This week, the Internet radio broadcaster Pandora made what seems like a backward move — technologically speaking. Pandora purchased a local radio station in Rapid City, S.D. The company says it's aiming to get the more favorable royalty rates given to terrestrial broadcasters, but the move has songwriters and composers up in arms.
Despite a number of victories for gay rights and national polls reflecting a growing acceptance of gay men and women, there is a population within the LGBT community that often feels left out of the national debate.
Since public revelations that the National Security Agency is collecting telephone records and reviewing Internet communications in the U.S. and abroad, officials have been making the case that the programs are vital. They argue that the tactics match the new ways terrorists are planning and communicating.
There was a time when America's enemies conspired face-to-face, or communicated through couriers, or by leaving messages for each other somewhere. But in the digital age, that has changed.
White House economic adviser Alan Krueger took some ribbing from his boss this week. President Obama noted that Krueger will soon be leaving Washington to go back to his old job, teaching economics at Princeton.
"And now that Alan has some free time, he can return to another burning passion of his: 'Rockanomics,' the economics of rock and roll," the president said. "This is something that Alan actually cares about."
Hasan Rowhani, the lone moderate in Iran's presidential elections, has secured victory and headed off a runoff vote in a symbolic rebuke to the country's hard-line Islamic clerics.
Rowhani, 64, won nearly 51 percent of the vote in a field of five other candidates, all but himself considered conservatives who were more or less in line with Supreme Leader Ayatollah Ali Khamenei. Rowhani's closest rival, Tehran Mayor Mohammad Baqher Qalibaf, came in a distant second, with less than 17 percent of the ballots.
A 94-year-old man who allegedly was a top commander of a Nazi SS unit responsible for the massacre of civilians during World War II is reportedly living quietly in Minnesota, according to an exclusive report by The Associated Press.
The news agency says it obtained records through the Freedom of Information Act that show Michael Karkoc lied to officials in 1949 about his past in order to immigrate to the United States.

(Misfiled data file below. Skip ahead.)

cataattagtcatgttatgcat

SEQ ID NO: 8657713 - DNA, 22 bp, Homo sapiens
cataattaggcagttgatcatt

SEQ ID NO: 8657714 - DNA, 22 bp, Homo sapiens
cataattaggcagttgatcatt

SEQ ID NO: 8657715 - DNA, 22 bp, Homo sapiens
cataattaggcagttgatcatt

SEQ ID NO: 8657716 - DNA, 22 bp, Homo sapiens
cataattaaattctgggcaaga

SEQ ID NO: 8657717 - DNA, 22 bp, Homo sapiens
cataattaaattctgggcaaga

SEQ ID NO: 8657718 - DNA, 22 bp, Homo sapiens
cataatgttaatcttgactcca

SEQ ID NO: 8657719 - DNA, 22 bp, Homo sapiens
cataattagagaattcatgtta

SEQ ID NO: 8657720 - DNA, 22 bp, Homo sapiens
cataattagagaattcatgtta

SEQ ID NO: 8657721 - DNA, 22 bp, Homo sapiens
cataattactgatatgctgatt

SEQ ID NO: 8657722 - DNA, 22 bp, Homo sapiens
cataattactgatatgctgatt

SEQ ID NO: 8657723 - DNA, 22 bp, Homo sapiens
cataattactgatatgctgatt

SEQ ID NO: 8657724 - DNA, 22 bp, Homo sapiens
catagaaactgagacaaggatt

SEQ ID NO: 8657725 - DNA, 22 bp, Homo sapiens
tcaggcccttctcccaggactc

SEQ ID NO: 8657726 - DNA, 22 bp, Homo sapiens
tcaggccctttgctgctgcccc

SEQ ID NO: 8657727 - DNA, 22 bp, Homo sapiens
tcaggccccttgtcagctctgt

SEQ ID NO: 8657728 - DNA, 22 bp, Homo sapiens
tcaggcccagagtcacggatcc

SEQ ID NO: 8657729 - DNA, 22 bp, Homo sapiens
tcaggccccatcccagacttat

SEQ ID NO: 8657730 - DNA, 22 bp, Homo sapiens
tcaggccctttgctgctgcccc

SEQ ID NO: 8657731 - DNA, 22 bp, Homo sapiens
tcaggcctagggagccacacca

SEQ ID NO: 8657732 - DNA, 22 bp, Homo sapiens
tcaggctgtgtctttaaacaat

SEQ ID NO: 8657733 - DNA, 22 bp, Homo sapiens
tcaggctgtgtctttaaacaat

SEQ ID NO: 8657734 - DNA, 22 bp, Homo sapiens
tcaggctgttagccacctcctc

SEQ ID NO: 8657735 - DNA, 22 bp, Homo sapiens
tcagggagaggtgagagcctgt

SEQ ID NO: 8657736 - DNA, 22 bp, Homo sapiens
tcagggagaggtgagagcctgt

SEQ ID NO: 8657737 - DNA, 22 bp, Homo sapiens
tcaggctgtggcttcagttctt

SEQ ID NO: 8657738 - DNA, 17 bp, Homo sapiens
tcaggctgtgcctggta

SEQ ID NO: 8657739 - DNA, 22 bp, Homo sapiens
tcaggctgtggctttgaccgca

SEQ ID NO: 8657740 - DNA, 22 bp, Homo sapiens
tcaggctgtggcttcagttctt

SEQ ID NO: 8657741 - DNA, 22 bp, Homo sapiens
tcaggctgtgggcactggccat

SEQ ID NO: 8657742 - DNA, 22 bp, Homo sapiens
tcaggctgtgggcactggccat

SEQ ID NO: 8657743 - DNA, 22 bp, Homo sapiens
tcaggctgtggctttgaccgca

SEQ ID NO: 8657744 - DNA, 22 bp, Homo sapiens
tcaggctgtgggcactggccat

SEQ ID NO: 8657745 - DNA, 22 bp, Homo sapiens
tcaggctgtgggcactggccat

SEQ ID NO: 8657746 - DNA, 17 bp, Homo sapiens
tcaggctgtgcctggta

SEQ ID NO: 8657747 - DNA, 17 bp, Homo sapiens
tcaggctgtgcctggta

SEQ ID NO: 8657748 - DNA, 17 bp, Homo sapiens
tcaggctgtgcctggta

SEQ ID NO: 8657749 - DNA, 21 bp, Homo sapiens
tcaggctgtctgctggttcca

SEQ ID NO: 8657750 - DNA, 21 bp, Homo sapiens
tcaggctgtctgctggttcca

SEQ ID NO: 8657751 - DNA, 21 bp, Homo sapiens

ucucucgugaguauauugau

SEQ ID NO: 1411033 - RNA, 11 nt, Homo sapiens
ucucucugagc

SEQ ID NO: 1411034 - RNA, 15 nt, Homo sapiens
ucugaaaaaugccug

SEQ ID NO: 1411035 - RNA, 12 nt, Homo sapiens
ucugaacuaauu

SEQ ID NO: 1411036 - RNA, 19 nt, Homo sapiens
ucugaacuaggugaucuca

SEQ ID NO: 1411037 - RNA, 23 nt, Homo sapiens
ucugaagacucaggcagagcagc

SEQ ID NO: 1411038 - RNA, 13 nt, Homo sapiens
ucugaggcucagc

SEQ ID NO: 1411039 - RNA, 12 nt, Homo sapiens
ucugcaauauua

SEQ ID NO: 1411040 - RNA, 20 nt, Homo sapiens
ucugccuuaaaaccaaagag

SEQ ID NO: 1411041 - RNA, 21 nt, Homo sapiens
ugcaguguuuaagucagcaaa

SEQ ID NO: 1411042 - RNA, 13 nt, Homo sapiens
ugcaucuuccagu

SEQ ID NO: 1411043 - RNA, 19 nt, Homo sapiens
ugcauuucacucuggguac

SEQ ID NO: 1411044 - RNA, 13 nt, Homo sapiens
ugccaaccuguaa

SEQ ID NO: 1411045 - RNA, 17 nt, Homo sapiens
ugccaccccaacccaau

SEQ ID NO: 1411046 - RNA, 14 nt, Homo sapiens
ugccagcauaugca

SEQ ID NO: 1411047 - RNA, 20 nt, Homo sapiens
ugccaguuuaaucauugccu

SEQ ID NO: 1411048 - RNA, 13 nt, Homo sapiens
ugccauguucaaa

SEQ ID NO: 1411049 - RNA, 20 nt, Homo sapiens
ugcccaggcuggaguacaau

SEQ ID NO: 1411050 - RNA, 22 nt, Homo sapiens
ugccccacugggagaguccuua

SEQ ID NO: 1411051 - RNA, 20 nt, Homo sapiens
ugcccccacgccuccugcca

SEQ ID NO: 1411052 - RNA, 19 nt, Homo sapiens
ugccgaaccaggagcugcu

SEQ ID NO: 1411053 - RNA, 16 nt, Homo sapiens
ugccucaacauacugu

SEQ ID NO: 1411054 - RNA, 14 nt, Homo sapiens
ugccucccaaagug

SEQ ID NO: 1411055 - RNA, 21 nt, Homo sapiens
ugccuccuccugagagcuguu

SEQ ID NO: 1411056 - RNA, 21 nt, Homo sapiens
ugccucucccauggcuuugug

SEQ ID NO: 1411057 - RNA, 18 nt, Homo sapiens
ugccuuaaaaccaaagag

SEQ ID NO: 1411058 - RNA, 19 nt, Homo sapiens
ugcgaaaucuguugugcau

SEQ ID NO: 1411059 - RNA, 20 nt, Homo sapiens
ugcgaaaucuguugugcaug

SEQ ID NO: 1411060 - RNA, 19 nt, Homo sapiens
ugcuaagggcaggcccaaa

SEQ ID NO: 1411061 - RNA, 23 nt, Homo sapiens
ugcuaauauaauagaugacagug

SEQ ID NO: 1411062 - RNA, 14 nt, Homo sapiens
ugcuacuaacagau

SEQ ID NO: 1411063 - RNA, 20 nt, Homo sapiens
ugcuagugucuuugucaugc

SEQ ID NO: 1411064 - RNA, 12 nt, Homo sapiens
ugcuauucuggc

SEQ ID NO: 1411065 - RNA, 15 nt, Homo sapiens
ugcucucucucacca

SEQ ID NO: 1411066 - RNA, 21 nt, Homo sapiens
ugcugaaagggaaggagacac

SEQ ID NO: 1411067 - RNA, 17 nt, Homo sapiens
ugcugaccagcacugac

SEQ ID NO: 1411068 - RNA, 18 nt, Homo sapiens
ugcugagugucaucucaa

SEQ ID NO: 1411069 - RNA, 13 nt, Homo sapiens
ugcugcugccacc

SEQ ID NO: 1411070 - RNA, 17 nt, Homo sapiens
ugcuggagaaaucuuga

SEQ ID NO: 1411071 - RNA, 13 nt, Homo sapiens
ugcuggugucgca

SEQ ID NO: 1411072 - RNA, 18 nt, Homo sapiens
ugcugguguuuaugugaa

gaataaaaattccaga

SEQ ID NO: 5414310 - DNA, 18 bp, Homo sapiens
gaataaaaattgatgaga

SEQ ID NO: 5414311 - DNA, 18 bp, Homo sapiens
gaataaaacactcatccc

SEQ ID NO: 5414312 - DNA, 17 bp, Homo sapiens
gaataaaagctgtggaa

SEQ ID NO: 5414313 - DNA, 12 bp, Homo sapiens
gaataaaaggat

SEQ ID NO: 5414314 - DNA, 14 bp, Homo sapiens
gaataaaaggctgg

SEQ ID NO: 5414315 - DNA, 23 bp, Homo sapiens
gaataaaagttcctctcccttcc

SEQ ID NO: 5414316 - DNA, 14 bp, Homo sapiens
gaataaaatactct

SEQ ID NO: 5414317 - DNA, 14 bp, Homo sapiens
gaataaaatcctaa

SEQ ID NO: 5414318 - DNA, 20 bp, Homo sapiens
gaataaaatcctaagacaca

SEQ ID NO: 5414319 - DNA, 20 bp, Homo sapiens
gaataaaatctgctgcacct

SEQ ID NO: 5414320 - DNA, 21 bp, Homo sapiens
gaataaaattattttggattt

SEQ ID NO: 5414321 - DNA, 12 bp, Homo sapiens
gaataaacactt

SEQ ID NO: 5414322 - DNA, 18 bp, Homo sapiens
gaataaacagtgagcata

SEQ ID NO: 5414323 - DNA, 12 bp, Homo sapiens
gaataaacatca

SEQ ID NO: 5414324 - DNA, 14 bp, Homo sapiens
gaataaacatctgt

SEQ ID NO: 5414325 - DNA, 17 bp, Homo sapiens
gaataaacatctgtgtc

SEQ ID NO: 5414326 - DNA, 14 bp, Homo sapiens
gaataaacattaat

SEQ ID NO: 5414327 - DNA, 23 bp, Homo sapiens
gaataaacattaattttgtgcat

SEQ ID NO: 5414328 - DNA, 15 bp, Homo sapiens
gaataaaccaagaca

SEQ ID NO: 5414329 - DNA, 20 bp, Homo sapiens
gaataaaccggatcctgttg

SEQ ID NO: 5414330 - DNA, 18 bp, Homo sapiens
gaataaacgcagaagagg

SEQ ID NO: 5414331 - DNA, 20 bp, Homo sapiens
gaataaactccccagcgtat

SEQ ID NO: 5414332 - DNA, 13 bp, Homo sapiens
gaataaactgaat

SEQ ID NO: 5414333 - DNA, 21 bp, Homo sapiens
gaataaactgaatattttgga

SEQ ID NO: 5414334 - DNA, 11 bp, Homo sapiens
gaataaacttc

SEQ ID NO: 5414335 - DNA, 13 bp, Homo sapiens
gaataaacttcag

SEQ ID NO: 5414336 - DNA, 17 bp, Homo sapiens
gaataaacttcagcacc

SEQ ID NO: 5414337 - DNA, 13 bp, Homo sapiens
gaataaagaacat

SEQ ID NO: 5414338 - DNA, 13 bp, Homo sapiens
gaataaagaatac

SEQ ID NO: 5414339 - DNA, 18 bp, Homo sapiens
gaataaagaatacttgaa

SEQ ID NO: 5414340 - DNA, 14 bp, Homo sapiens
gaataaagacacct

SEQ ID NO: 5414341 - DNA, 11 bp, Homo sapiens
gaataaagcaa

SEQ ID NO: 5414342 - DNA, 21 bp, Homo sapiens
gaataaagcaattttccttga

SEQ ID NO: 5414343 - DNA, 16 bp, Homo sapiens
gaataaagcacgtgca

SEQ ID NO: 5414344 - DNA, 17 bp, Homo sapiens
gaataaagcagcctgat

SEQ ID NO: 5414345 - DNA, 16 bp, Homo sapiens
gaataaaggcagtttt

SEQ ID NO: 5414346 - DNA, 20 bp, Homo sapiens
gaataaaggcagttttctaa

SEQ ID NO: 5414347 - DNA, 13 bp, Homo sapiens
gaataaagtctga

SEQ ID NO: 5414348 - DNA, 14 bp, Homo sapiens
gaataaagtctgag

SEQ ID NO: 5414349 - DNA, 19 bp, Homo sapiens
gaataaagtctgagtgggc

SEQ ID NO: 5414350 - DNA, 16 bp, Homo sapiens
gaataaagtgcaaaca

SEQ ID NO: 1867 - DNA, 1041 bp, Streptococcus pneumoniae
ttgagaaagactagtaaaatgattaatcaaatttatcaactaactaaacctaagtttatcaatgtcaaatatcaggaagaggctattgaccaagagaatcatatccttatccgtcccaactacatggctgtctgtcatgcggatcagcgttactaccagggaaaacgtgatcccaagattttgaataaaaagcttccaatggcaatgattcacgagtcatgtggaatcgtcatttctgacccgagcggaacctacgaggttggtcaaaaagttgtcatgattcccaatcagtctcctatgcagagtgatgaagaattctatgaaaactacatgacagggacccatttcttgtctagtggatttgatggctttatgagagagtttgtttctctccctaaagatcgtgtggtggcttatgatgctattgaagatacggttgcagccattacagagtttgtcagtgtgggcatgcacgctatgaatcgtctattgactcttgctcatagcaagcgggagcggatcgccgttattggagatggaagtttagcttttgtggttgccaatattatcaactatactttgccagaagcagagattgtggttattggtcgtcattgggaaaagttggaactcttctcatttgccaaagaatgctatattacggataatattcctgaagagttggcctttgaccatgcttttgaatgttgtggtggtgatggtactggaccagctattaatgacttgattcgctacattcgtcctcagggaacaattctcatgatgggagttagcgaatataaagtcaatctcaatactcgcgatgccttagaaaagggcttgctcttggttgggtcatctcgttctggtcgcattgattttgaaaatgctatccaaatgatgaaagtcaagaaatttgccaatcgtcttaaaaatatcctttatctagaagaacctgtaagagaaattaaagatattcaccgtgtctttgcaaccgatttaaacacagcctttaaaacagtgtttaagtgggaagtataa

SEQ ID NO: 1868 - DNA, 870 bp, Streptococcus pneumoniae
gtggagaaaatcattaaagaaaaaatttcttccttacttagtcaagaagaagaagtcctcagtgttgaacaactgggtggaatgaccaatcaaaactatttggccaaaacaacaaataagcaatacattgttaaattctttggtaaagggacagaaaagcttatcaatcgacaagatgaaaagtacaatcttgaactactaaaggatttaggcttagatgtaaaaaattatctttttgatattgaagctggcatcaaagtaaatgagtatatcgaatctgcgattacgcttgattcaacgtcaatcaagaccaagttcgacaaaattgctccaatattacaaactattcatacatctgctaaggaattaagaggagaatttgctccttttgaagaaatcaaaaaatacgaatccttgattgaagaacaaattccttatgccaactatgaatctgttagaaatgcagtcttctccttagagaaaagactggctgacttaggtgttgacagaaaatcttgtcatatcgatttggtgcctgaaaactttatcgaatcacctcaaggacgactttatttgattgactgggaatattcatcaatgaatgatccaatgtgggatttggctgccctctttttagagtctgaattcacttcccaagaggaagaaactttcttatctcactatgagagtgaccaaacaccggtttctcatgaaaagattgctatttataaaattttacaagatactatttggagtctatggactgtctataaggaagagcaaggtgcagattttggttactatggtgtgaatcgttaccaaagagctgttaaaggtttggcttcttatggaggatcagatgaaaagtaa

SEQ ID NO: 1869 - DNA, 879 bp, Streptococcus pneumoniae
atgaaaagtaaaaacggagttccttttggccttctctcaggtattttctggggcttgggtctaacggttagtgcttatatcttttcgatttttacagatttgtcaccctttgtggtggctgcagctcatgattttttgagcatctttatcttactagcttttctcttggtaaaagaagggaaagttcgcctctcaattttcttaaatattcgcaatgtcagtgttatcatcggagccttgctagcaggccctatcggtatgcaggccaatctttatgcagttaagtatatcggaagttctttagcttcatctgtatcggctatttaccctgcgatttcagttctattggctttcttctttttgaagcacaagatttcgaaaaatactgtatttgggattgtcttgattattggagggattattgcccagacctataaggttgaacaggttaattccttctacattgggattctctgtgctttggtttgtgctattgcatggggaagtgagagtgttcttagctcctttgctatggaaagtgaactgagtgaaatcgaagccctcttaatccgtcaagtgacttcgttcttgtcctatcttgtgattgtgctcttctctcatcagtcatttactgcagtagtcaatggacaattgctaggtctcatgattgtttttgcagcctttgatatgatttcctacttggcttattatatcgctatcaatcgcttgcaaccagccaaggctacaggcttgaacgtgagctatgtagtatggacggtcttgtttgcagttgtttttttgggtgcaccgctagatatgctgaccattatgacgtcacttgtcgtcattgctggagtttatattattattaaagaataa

As it turns out, prime urban parking can be almost as valuable as a single-family home. A Boston woman bought two parking spaces for $560,000 at auction Thursday, winning a tough bidding war that increased by the tens of thousands at each turn.
The buyer, Lisa Blumenthal, said the spots will be used for guests and workers, at the hefty price of $280,000 each — nearly 90 percent of the worth of the median sales price of a single-family home in Massachusetts.
This week, the U.S. Fish and Wildlife Service proposed a new rule that would extend "endangered species" protections to chimpanzees held in captivity. Nearly half of all the chimps in the U.S. live in research facilities, and the regulation changes would make it more difficult to use these animals in medical experiments.
Australian archaeologists using remote-sensing technology have uncovered an ancient city in Cambodia that has remained hidden for more than a millennium under dense jungle undergrowth.
The discovery of Mahendraparvata, a 1,200-year-old lost city that predates Cambodia's famous Angkor Wat temple complex by 350 years, was part of the Hindu-Buddhist Khmer Empire that ruled much of Southeast Asia from about 800 to 1400 A.D., during a time that coincided with Europe's Middle Ages.
Mortgage rates have seen a relatively sharp rise this month. The average 30-year fixed-rate loan hit 4 percent earlier in June — a big jump from the record lows of recent years. Some investors are now concerned that the housing recovery could be stifled if rates continue to rise quickly.
The Federal Reserve has two main missions: to maximize employment and minimize inflation. Right now, there are few, if any, signs that prices for goods are spiking, and the job market is still crawling out of its long, deep slump.